The City-County Council's handling of a proposed smoking ban has implications well beyond Indianapolis, to neighbors poised to adopt their own laws but watching the outcome in the state's most populous city.
If Indianapolis doesn't enact a smoking ban, or adopts one that's politically unpalatable to neighboring cities and counties, those communities might adopt a confusing variety of laws, observers on both sides of the debate say.
They say a lack of uniformity could even spawn a migration of bar and restaurant patrons across county lines: some seeking the right to smoke, others the right to clean air.
"That's what's happened in a number of states. You have a patchwork of quilts," said John Livengood, president of the Restaurant & Hospitality Association of Indiana. The staunch opponent of a smoking ban noted that disparate local laws regarding open containers of alcohol eventually led the Indiana General Assembly to adopt a common law in 1994.
Critics say that measure, which overrode tough restrictions in parts of the state, lacked teeth. It allows passengers to drink in a vehicle as long as the driver's blood-alcohol content doesn't exceed 0.04 percent.
A weak, pre-emptive state smoking law-the approach supported by some bars and restaurant owners-is the nightmare scenario for anti-smoking advocates. They're trying to beat down two measures in the General Assembly that would impose modest smoking restrictions.
"If Indianapolis doesn't pass a model ordinance, I think it will be a blow to the cause in the state and it will set an example for other cities and towns looking at similar measures," said St. Francis Hospital physician and former Indiana health commissioner Richard Feldman.
Among the communities on the cusp of debating smoking restrictions is Carmel, where Mayor James Brainard said he expects to see a proposal surface this summer.
"I would think a majority of people in Carmel will support a ban," Brainard said.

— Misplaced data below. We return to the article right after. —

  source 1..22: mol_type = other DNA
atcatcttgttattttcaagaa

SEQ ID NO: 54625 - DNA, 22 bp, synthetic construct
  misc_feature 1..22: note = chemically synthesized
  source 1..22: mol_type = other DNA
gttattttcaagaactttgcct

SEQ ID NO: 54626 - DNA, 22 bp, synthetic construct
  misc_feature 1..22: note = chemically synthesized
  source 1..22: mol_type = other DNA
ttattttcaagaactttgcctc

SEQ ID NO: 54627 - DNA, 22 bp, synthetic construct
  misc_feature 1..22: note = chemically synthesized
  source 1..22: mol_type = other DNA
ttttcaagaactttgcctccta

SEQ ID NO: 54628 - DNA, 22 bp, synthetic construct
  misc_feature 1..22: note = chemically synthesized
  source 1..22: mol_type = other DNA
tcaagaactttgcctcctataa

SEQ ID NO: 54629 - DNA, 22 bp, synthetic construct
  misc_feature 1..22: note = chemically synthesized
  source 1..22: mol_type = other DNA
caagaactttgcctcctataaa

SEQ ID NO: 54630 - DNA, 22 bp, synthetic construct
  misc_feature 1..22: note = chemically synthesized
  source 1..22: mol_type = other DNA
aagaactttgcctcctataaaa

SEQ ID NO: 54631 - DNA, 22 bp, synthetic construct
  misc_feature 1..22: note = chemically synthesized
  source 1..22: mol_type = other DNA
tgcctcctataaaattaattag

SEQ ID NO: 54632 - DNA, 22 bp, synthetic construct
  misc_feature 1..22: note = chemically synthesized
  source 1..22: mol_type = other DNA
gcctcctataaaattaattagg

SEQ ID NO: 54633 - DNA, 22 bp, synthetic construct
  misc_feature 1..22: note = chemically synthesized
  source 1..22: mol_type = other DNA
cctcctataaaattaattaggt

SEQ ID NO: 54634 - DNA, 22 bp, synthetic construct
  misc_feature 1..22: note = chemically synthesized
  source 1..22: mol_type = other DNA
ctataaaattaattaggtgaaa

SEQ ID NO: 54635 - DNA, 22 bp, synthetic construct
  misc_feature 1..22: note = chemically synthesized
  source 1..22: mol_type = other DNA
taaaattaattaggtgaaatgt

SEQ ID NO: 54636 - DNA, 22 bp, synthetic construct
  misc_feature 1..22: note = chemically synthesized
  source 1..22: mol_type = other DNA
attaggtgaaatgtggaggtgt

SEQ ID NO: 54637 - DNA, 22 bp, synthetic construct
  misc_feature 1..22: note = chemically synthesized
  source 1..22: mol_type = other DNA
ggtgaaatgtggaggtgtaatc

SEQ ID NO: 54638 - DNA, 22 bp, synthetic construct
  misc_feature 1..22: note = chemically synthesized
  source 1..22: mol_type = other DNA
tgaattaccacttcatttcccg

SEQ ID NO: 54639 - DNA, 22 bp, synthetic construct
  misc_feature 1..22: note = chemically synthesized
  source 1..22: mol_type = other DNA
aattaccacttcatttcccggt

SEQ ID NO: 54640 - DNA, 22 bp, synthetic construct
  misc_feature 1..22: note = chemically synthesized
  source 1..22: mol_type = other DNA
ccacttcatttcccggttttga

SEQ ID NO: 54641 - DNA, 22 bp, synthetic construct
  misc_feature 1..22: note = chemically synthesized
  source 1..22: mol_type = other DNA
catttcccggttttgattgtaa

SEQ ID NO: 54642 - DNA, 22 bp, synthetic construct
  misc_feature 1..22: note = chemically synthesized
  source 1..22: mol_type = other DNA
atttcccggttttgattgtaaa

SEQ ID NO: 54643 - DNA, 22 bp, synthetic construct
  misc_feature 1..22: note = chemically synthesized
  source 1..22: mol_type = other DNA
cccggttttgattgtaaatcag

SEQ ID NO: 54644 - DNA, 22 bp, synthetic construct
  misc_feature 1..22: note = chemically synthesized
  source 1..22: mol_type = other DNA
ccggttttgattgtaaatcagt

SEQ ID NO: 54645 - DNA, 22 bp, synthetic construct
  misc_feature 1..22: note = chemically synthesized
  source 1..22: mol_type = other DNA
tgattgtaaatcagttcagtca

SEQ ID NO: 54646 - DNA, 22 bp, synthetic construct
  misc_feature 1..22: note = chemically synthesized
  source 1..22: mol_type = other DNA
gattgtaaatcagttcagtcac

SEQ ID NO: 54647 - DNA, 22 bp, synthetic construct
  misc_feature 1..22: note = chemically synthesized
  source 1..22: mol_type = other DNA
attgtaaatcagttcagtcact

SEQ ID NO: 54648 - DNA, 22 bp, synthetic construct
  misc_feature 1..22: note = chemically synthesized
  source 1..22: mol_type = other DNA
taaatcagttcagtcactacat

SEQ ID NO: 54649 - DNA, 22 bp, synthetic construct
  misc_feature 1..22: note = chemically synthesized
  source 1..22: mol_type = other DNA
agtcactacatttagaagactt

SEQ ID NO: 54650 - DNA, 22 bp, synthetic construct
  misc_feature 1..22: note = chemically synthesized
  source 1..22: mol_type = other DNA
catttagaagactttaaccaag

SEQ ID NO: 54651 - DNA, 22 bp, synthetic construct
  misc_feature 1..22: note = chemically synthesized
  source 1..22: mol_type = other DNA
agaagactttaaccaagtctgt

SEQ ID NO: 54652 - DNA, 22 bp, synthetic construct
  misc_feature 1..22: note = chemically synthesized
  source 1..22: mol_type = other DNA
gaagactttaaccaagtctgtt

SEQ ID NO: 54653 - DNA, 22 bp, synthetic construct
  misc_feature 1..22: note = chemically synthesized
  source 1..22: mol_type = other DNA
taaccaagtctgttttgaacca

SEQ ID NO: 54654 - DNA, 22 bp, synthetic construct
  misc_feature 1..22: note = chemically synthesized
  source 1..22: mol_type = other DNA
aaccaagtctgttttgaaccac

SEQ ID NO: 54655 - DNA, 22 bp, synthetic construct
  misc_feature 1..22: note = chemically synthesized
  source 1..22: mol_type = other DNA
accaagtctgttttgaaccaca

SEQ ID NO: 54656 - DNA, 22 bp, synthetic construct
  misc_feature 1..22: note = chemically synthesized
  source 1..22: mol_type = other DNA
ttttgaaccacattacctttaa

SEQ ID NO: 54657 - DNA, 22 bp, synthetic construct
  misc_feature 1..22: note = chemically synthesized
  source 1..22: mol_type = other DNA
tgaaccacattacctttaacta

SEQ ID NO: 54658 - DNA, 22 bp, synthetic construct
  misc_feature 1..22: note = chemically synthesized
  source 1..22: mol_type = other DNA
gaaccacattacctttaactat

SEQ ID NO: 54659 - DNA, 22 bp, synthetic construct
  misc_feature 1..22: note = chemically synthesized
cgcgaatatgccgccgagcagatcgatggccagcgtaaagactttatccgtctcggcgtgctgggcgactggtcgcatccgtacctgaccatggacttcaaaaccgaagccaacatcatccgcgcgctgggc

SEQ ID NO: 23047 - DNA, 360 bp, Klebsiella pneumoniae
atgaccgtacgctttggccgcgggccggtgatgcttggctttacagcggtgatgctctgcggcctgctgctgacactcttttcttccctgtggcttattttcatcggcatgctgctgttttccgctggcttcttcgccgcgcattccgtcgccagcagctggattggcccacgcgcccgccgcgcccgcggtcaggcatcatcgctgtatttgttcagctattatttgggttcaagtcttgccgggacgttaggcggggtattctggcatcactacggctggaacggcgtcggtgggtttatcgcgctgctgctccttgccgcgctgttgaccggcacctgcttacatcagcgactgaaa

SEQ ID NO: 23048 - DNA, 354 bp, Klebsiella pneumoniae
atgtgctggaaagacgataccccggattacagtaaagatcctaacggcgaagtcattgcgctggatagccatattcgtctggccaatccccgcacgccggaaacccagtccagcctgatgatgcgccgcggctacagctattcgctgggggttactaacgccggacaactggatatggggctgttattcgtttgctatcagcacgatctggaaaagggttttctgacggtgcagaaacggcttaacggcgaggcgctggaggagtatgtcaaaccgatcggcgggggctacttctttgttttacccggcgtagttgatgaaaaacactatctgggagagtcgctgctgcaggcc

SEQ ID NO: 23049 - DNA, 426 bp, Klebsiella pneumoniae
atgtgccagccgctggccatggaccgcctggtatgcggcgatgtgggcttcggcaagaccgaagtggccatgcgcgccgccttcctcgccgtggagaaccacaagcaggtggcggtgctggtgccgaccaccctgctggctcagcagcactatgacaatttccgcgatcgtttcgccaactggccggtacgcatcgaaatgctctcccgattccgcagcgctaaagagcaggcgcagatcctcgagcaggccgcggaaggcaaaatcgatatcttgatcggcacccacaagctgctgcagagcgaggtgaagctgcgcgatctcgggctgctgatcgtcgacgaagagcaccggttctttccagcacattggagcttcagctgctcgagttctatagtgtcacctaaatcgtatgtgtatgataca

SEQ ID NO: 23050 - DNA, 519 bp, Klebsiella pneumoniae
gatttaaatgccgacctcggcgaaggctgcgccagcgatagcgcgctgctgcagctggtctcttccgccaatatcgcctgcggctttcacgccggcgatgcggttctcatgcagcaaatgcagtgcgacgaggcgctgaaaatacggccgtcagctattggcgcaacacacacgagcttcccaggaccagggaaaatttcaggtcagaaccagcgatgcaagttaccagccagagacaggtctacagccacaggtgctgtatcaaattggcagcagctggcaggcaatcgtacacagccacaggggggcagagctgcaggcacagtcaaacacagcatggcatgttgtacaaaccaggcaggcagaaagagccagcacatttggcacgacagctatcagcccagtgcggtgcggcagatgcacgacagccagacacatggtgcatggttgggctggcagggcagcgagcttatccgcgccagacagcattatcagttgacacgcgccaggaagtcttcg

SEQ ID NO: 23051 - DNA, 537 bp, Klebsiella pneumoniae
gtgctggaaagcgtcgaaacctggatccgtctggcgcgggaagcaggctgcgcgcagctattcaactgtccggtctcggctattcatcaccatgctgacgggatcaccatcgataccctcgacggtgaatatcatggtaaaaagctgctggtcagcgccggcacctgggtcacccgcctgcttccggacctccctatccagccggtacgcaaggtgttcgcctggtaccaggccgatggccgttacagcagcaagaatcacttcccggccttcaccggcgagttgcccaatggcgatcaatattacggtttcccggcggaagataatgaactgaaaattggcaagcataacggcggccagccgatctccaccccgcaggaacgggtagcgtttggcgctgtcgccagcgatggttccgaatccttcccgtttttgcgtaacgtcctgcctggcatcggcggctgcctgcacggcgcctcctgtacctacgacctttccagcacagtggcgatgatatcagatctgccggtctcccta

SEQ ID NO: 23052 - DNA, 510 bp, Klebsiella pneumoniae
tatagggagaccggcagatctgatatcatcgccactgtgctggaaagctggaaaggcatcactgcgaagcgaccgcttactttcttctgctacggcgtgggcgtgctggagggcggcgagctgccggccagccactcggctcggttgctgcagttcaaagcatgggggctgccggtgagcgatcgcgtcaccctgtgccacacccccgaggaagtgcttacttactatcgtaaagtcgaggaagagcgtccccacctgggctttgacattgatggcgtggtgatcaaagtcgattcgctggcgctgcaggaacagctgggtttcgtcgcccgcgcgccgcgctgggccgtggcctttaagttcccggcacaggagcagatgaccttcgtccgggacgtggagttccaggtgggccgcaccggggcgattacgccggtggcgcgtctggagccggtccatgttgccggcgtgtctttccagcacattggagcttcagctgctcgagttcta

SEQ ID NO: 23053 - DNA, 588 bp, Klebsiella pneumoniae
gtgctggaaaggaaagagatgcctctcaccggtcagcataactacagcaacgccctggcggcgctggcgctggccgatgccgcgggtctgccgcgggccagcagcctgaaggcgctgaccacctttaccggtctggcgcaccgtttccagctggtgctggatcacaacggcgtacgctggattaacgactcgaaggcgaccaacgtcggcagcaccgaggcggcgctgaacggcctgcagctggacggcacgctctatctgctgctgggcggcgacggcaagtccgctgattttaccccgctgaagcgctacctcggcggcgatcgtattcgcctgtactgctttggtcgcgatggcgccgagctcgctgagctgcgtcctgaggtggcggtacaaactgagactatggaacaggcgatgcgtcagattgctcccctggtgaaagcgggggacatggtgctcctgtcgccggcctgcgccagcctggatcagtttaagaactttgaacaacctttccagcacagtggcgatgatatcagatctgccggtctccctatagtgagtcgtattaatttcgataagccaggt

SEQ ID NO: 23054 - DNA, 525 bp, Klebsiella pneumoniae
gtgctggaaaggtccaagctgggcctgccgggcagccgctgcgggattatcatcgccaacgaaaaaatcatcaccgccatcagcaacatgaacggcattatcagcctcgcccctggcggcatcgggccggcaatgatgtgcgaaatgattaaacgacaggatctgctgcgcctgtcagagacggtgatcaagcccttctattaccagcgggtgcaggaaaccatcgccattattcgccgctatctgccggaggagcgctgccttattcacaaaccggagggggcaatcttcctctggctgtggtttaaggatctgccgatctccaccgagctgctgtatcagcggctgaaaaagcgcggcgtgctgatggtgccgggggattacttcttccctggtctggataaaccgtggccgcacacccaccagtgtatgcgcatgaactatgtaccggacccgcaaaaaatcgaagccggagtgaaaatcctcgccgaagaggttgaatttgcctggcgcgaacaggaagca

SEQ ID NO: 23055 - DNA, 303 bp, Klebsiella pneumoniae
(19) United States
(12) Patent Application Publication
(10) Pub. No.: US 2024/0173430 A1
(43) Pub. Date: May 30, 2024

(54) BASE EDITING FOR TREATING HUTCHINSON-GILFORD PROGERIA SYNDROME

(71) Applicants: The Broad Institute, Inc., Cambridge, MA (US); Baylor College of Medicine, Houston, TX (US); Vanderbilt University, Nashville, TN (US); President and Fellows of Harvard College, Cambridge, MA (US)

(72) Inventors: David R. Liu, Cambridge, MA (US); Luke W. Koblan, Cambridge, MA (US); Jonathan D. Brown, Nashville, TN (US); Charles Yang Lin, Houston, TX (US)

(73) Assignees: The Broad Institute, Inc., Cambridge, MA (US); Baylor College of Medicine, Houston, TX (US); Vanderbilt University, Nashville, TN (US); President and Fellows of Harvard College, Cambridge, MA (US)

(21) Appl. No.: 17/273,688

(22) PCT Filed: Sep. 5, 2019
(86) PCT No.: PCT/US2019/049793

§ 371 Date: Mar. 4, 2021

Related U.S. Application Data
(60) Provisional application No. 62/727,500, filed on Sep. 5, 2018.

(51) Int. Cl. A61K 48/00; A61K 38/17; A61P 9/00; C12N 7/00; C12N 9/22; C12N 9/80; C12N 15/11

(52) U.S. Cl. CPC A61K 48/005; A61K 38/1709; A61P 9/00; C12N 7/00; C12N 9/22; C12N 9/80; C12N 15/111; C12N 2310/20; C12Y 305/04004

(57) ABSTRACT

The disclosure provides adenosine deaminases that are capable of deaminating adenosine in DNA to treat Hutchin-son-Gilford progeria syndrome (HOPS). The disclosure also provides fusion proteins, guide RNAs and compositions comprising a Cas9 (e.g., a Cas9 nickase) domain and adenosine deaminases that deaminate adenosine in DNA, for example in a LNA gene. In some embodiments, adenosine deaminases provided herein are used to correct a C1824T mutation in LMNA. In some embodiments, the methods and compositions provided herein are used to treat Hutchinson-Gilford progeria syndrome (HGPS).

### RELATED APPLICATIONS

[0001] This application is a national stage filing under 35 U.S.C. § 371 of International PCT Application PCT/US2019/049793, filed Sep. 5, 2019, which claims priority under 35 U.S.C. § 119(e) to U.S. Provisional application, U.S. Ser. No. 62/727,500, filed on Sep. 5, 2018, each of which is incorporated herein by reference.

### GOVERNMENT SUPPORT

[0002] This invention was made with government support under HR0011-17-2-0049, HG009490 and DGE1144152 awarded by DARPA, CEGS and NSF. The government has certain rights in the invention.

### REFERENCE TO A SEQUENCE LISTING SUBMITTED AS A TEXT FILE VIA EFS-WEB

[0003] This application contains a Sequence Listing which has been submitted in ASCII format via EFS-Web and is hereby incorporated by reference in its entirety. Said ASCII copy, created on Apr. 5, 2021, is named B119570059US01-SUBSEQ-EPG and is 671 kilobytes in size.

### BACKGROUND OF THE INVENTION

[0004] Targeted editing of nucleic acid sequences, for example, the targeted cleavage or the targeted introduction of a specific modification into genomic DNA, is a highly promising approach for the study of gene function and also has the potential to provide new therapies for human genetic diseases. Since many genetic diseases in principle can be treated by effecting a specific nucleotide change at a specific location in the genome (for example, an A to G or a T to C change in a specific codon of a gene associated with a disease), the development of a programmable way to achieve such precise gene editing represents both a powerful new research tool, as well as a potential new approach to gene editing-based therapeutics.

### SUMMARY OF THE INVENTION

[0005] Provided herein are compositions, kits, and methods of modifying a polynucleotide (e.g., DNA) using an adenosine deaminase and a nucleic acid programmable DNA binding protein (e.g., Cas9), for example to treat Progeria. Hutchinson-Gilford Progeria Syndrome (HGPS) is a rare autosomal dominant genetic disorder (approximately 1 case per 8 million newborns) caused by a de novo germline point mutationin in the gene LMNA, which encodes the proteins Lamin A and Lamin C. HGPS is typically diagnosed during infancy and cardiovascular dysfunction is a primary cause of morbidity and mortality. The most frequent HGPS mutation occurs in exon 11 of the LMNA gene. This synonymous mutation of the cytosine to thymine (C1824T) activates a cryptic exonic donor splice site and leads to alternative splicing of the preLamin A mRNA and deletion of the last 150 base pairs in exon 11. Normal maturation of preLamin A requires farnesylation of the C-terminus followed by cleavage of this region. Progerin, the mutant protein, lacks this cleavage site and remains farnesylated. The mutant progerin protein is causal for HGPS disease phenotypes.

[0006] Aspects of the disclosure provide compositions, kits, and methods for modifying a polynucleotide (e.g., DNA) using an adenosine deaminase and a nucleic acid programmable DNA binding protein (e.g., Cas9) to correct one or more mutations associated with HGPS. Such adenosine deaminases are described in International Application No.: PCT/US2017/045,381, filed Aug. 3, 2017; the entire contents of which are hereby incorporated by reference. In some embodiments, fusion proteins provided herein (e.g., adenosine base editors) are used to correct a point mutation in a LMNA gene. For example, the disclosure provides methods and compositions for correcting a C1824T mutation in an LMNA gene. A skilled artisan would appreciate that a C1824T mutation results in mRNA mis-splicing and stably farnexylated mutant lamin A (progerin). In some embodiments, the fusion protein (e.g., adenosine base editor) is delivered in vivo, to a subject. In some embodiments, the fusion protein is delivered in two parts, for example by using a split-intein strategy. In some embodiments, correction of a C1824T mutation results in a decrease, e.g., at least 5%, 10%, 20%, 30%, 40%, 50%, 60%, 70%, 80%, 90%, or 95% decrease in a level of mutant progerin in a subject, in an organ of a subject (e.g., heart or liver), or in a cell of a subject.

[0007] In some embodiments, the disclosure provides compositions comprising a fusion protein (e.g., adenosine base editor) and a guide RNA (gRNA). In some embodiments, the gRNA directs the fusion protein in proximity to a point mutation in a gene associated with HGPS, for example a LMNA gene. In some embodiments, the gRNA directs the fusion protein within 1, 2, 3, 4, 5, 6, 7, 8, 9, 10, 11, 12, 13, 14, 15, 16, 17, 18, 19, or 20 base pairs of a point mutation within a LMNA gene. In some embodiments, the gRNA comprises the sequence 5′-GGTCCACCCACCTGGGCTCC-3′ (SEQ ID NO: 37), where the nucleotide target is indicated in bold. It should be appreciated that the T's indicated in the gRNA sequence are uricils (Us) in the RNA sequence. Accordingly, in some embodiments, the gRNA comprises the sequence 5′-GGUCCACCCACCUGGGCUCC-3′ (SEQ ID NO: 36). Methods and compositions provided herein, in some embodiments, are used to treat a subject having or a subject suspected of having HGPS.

South of Indianapolis, groups such as the Partnership for a Healthier Johnson County want a countywide ban. Savvy to elected officials' fears about backlash, they've been busy drumming up media coverage of polls showing public support for smoking bans.
On this kind of personal-behavior issue, it might make sense for suburban areas to wait to see what Marion County does, if only for the sake of consistency, said Stephen Graham, associate professor of political science at the University of Indianapolis. Plus, "it gives [neighboring elected officials] a little political cover."
Said Indianapolis City-County Councilor Greg Bowes, a backer of the ban: "We're going to set the pace, no matter how this turns out. The question is, is it good or bad?"
Broadly, the Indianapolis measure would ban smoking in most public places, including bars and restaurants. It's patterned after the most restrictive anti-smoking law yet in Indiana, enacted by Bloomington in 2003.
Backers are emboldened by a wealth of medical data showing secondhand smoke is harmful to health. They also point to the adoption of smoking restrictions in 12 states and 1,800 municipalities, and to studies suggesting smoking bans have a negligible long-term financial impact on restaurants and bars.
The momentum for some type of ban appears unstoppable, despite a failed attempt in the City-County Council to pass an ordinance restricting smoking in 2003.
"Our City-County Council should be embarrassed that a number of smaller towns and communities in Indiana are well ahead of Indianapolis in these discussions," Feldman said.
Indeed, said Carmel Mayor Brainard: "It's important. Regardless of Marion County's outcome on it, we're going to be proposing a plan."